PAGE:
CDC study shows unvaccinated people are 29 times more likely to be hospitalized with Covid

  • Unvaccinated people are about 29 times more likely to be hospitalized with Covid-19 than those who are fully vaccinated, according to a CDC study released Tuesday.
  • The new study also found that unvaccinated people were nearly five times more likely to be infected with Covid than vaccinated people.
  • The data is in line with comments from federal and state health officials, who have been saying for weeks that millions of unvaccinated Americans have been putting themselves at serious risk.

Unvaccinated people are about 29 times more likely to be hospitalized with Covid-19 than those who are fully vaccinated, according to a study released Tuesday by the Centers for Disease Control and Prevention.

The new study, published in the CDC's Morbidity and Mortality Weekly Report, also found that unvaccinated people were nearly five times more likely to be infected with Covid than people who got the shots. The results are based on data from Los Angeles County between May 1 and July 25, the agency said.

"These infection and hospitalization rate data indicate that authorized vaccines were protective against SARS-CoV-2 infection and severe COVID-19 during a period when transmission of the Delta variant was increasing," the agency wrote in the study.

The data is in line with comments from federal and state health officials, who have been saying for weeks that millions of unvaccinated Americans have been putting themselves at serious risk of the delta variant, the most contagious coronavirus strain yet.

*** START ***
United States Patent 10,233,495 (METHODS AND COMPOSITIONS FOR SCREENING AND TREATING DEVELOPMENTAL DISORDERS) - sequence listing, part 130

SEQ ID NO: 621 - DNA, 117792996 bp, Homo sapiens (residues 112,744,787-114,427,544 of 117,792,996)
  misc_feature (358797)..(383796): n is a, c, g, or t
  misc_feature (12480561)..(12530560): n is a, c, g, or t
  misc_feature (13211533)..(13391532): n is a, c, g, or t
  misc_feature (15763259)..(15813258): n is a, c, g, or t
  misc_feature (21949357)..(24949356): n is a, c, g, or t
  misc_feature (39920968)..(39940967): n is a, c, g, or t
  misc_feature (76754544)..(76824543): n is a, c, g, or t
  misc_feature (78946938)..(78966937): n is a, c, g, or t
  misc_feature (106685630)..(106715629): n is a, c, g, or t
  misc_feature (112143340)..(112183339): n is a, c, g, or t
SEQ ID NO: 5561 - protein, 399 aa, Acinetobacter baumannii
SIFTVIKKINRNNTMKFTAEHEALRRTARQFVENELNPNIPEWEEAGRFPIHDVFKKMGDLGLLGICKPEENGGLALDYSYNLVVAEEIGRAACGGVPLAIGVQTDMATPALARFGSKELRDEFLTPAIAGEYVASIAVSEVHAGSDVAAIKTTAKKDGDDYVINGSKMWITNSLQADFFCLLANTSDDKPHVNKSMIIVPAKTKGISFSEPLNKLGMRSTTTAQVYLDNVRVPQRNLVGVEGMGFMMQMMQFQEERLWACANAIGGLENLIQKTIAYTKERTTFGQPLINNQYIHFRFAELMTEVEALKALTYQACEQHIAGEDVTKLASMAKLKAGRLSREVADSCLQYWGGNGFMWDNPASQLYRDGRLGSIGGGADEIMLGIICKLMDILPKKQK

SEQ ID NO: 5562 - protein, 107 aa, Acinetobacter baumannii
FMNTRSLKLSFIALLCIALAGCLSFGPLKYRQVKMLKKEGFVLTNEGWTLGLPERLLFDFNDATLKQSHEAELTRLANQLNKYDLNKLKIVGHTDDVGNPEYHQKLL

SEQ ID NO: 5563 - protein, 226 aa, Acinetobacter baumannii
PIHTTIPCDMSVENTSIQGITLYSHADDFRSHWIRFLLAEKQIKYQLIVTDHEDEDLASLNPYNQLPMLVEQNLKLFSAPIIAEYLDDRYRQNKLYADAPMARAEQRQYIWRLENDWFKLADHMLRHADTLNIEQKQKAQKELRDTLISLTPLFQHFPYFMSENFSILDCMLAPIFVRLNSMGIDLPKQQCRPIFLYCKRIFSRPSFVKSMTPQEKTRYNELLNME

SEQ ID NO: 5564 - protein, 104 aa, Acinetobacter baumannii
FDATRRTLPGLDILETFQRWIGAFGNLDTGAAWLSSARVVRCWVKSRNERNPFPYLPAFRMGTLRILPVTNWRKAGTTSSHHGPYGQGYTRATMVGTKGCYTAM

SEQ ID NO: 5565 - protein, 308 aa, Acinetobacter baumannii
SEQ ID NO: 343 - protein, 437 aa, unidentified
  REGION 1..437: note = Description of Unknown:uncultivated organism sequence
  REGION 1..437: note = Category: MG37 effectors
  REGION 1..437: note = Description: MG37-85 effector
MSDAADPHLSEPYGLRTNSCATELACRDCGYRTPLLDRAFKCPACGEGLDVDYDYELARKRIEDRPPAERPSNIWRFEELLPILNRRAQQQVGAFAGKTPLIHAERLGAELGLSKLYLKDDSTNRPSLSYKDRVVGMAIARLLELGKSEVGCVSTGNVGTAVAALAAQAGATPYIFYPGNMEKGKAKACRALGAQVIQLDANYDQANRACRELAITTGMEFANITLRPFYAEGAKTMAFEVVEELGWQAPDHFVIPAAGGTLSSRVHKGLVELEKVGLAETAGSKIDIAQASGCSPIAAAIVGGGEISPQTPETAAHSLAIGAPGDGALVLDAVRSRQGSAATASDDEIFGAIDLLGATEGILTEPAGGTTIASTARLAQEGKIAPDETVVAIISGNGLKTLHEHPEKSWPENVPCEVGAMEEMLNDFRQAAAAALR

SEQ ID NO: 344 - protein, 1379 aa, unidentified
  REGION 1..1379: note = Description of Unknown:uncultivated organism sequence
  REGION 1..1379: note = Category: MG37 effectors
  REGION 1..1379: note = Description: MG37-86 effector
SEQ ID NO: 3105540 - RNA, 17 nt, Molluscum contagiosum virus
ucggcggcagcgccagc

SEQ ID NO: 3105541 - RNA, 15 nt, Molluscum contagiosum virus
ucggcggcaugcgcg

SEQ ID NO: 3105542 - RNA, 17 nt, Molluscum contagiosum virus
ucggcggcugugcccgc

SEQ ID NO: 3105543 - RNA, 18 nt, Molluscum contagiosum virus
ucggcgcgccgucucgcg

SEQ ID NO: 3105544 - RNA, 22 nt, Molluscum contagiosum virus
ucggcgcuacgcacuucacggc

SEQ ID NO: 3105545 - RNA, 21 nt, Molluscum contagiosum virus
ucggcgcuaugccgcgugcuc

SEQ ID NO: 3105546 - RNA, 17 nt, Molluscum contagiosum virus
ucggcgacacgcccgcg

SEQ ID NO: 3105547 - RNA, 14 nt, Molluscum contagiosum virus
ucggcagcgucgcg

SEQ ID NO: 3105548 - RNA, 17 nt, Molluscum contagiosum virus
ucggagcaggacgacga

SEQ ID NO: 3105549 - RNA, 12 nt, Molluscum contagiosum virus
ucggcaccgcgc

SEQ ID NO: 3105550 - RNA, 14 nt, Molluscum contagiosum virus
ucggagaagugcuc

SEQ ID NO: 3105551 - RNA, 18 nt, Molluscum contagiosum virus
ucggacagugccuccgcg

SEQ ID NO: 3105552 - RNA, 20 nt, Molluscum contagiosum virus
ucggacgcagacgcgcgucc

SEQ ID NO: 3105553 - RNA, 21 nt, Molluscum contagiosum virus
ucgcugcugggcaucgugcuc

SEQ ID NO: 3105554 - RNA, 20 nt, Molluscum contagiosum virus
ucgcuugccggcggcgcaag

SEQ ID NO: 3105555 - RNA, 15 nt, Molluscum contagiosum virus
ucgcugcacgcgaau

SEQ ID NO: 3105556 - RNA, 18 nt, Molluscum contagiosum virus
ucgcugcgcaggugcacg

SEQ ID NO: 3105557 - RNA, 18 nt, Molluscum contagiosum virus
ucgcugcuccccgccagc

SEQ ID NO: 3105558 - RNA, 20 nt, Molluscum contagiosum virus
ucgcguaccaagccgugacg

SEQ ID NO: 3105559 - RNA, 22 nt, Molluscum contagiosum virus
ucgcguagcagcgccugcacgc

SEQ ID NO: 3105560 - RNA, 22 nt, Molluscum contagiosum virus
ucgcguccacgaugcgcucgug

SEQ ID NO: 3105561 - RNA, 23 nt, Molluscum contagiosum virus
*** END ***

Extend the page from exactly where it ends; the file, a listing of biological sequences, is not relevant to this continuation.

CDC Director Dr. Rochelle Walensky said Tuesday the data shows that "if you are not yet vaccinated, you are among those at highest risk."

"Do not underestimate the risk and serious consequences of this virus," she said during a White House briefing on the pandemic. "Vaccines are the best tool we have to take charge of this pandemic."

As of Monday, more than 201 million Americans, or 60.8% of the total U.S. population, have had at least one Covid shot, according to data compiled by the CDC. More than 171 million Americans, or 51.5% of the total U.S. population, are fully vaccinated, according to the agency.

President Joe Biden said Monday that "virtually all" Covid hospitalizations and deaths across the U.S. continue to be among unvaccinated people.

"Let me be clear: There are cases where vaccinated people do get Covid-19, but they are far less common than unvaccinated people getting Covid-19. And most importantly, their conditions are far less severe," he said during a speech.

U.S. officials hope the Food and Drug Administration granting Pfizer and BioNTech's Covid vaccine full approval will persuade some unvaccinated Americans to finally get the shots.

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White House chief medical advisor Dr. Anthony Fauci said Monday that if the U.S. can get through winter and get the majority of people who have not received the shots vaccinated, the nation could have some control over the virus by the spring.

"As we get into the spring, we could start getting back to a degree of normality, namely resuming the things that we were hoping we could do, restaurants, theaters, that kind of thing," Fauci said during an interview on CNN's "Anderson Cooper 360."

The study published Tuesday was based on 43,127 infections in residents of Los Angeles County, California. Covid hospitalizations were defined as hospital admissions occurring within 14 days after infection, the agency said.

Among all county residents, hospitalization rates increased "exponentially" among unvaccinated, fully vaccinated and partially vaccinated people, with the highest rates among unvaccinated people in late June, the agency said.

The study had limitations, the agency said.

For example, vaccination data for people who lived in the county at the time of their confirmed infection but who were vaccinated outside of California were unavailable, leading to a misclassification of their vaccination status, the agency said.

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